UK inflation continues to push higher, but political and economic uncertainty mean the Bank of England is likely to tread carefully, according to James Knightley, Senior Economist at ING.
“UK Consumer price inflation has come in at 2.9%, well ahead of the 2.7% consensus. We had feared a higher than consensus figure on the basis that utility bill hikes were set to feed through in a major way and that does appear to have had an influence. There was also a big swing upwards in clothing prices, which may be seasonal effects from Easter lingering in the data. It could also be because of retailers increasingly feeling the effects of sterling currency hedges dropping off, pushing up the cost of imported products. Sterling effects on package holidays also played a part.”
“There was also a large upward contribution from recreation (computer game prices apparently increased significantly) which saw its annual rate of price inflation jump to 2.3%YoY from 1% in April. The only major drag was from transportation costs, which related to a sizeable decline in motor fuel costs. However, petrol pump prices are edging higher once again in June so this may only be temporary relief.”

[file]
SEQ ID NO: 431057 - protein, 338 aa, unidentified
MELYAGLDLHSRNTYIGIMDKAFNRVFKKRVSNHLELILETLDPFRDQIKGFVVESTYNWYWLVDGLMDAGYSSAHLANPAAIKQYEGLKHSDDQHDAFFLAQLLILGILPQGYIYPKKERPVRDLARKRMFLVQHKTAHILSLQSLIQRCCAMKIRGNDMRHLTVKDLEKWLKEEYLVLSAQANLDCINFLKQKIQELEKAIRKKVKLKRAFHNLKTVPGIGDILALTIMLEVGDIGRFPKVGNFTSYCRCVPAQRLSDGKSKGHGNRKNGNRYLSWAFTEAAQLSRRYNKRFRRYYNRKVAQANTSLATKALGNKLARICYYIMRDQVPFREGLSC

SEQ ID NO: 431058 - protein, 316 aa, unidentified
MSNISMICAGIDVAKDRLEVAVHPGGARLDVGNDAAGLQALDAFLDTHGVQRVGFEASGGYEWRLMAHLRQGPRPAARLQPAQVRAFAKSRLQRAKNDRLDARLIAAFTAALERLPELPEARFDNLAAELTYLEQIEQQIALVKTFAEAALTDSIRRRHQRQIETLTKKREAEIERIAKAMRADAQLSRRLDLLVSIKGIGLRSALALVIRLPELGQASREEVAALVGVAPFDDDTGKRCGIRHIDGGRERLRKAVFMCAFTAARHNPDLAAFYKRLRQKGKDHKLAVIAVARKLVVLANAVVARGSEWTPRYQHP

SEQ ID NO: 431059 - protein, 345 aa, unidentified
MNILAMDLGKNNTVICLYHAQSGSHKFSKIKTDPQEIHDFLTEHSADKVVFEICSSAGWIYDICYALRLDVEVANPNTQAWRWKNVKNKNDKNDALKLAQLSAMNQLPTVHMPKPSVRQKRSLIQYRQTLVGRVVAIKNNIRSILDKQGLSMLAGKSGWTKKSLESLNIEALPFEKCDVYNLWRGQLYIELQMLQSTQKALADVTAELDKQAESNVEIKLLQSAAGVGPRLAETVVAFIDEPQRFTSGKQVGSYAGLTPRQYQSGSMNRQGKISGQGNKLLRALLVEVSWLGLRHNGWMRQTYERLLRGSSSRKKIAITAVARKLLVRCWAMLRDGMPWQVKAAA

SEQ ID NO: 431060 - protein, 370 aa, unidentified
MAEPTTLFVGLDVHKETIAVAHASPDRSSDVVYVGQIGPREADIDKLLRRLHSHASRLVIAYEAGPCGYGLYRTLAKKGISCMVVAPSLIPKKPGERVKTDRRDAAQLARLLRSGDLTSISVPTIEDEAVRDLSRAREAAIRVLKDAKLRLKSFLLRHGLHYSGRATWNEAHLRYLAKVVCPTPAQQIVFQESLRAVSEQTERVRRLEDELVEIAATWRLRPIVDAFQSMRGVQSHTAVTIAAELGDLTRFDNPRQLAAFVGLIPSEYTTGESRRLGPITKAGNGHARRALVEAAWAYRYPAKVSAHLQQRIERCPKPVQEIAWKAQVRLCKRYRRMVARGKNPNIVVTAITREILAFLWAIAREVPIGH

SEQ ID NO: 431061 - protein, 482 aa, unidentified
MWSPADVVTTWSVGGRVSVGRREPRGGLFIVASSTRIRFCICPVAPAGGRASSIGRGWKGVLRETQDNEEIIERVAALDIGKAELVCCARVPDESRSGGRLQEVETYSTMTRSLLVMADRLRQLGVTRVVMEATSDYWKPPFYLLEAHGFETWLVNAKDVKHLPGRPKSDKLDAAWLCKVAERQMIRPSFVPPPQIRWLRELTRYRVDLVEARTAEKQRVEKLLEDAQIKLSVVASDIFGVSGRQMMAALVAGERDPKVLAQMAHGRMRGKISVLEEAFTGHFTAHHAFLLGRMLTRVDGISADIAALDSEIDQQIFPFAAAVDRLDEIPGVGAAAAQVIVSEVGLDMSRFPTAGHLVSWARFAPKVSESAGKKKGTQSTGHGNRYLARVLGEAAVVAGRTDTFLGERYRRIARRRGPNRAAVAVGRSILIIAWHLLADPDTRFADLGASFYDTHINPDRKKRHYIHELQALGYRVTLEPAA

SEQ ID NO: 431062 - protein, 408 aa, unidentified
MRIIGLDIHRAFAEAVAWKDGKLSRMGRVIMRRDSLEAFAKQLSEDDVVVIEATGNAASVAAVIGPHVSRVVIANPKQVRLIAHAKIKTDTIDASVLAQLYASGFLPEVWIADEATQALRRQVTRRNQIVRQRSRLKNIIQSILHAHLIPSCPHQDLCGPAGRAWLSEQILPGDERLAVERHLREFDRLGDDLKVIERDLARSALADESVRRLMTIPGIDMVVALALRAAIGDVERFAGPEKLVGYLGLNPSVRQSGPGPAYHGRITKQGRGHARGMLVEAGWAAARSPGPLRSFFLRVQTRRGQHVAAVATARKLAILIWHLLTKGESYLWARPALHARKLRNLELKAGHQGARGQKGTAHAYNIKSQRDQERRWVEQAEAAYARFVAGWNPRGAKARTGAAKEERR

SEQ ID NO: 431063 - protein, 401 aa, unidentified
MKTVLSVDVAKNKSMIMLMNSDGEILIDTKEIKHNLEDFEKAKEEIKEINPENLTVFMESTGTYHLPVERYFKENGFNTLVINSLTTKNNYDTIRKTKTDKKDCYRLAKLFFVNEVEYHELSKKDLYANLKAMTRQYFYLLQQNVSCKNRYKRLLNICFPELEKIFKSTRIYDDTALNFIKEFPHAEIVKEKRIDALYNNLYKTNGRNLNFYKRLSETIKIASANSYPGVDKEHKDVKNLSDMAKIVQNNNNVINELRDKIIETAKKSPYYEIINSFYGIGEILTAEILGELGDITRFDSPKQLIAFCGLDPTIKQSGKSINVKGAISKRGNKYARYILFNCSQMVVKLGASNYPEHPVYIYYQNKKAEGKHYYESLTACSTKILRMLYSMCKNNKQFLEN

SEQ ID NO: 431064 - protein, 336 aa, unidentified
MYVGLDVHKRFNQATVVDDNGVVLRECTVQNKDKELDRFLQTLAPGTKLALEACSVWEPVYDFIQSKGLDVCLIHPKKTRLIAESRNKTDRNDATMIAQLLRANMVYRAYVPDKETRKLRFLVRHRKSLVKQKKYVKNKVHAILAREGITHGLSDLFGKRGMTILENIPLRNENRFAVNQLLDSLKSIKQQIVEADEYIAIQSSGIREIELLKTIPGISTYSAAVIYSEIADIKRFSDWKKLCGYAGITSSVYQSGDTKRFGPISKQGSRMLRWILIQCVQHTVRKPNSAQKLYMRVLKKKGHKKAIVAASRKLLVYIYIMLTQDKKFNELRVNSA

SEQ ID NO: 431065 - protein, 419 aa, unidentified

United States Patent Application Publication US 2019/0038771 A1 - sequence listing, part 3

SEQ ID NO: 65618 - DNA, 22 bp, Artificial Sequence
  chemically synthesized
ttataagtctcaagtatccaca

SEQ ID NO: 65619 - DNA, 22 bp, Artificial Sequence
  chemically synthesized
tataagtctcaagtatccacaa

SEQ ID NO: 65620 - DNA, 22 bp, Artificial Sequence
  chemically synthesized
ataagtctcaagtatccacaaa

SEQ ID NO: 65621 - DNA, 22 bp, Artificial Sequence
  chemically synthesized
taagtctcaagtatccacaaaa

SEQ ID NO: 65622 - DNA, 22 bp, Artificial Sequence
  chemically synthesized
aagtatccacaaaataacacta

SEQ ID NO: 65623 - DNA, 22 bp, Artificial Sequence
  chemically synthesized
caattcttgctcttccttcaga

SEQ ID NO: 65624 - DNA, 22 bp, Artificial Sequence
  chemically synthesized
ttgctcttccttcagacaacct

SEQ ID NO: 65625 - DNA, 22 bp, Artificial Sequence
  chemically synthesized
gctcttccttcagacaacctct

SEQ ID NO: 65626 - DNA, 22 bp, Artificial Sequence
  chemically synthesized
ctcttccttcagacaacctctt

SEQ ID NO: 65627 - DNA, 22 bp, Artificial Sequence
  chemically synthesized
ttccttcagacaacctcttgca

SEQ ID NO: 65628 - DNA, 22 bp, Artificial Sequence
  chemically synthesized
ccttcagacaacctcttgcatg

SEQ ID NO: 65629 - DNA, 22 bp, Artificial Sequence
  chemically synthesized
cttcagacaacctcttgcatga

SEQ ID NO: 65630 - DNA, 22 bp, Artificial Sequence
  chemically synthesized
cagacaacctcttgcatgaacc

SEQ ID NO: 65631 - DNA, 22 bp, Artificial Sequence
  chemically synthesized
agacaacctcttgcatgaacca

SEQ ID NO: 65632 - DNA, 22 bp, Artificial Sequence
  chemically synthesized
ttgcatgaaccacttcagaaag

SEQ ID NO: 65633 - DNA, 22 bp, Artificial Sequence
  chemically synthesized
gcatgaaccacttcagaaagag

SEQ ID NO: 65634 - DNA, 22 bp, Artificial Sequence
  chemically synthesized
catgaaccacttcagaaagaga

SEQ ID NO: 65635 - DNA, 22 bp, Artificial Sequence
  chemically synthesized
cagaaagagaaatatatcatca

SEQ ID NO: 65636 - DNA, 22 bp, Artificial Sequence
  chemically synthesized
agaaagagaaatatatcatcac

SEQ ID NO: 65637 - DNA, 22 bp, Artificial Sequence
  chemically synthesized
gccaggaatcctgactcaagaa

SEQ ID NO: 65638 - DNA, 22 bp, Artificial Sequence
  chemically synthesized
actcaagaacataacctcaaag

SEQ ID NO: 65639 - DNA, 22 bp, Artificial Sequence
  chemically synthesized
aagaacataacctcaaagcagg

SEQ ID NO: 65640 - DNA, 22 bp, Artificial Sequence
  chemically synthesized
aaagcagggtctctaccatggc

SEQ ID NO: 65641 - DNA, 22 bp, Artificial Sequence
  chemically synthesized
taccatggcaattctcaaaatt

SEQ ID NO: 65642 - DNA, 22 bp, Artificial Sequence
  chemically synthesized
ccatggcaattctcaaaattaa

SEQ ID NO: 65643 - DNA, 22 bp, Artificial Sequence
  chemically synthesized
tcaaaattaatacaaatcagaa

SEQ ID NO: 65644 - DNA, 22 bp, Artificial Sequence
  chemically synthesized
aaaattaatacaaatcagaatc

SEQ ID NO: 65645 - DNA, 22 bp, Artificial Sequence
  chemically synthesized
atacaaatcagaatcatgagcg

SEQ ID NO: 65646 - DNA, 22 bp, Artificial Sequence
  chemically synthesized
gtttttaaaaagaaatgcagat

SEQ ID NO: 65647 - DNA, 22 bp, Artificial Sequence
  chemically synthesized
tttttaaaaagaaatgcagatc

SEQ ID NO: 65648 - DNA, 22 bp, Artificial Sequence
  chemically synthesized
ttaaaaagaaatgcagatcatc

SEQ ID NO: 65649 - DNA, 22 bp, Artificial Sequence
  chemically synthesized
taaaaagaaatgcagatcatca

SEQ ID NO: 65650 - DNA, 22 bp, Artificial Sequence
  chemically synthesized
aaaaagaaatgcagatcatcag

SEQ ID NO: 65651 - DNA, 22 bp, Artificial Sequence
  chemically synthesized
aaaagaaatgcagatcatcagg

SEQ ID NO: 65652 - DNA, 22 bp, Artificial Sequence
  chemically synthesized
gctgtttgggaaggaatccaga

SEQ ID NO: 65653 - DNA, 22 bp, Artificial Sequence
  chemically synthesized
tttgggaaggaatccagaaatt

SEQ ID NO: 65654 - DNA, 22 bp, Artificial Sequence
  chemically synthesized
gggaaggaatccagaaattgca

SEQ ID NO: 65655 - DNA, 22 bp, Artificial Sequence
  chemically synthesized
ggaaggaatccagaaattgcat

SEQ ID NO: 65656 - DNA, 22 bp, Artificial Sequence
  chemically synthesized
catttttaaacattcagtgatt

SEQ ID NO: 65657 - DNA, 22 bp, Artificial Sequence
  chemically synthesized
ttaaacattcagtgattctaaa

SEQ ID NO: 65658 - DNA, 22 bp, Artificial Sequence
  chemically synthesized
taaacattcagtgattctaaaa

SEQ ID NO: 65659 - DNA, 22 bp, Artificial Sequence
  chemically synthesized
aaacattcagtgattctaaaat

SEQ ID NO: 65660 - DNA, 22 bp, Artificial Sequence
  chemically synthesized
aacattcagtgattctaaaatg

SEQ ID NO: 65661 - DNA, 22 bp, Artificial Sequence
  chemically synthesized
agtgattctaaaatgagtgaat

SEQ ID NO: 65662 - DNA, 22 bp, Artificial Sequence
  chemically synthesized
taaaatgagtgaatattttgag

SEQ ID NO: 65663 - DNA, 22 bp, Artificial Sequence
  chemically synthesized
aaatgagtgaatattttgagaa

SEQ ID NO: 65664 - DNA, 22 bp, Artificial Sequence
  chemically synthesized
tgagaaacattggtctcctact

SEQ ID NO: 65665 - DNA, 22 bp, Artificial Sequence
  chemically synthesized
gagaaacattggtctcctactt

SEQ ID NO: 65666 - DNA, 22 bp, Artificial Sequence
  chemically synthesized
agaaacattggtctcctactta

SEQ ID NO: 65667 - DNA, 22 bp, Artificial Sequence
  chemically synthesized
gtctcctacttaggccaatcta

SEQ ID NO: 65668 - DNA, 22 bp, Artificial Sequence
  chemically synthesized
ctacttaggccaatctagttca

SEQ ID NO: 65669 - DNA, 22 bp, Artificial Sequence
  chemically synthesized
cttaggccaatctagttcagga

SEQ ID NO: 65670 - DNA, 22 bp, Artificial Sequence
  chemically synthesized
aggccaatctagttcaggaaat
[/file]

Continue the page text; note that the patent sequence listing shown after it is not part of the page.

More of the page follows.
“Tomorrow’s labour report is likely to show wage growth dipping slightly to 2%YoY so the squeeze on spending power is intensifying. Already, there are worrying signs for consumer spending with this week’s retail sales report likely to post a heavy decline given readings from the likes of the British Retail Consortium and Visa, the payment card company.”
“Given the lack of positive newsflow on the domestic economy and the political uncertainty the UK faces it is not surprising that financial markets are pricing in a less than 10% chance on an interest rate rise this year, with the probability of a rate rise by the end of 2018 put at just 33%. Given the lack of domestic price pressures (as highlighted by subdued wage growth) we don’t expect an interest rate hike before the official deadline for Brexit talks to conclude in 2019.”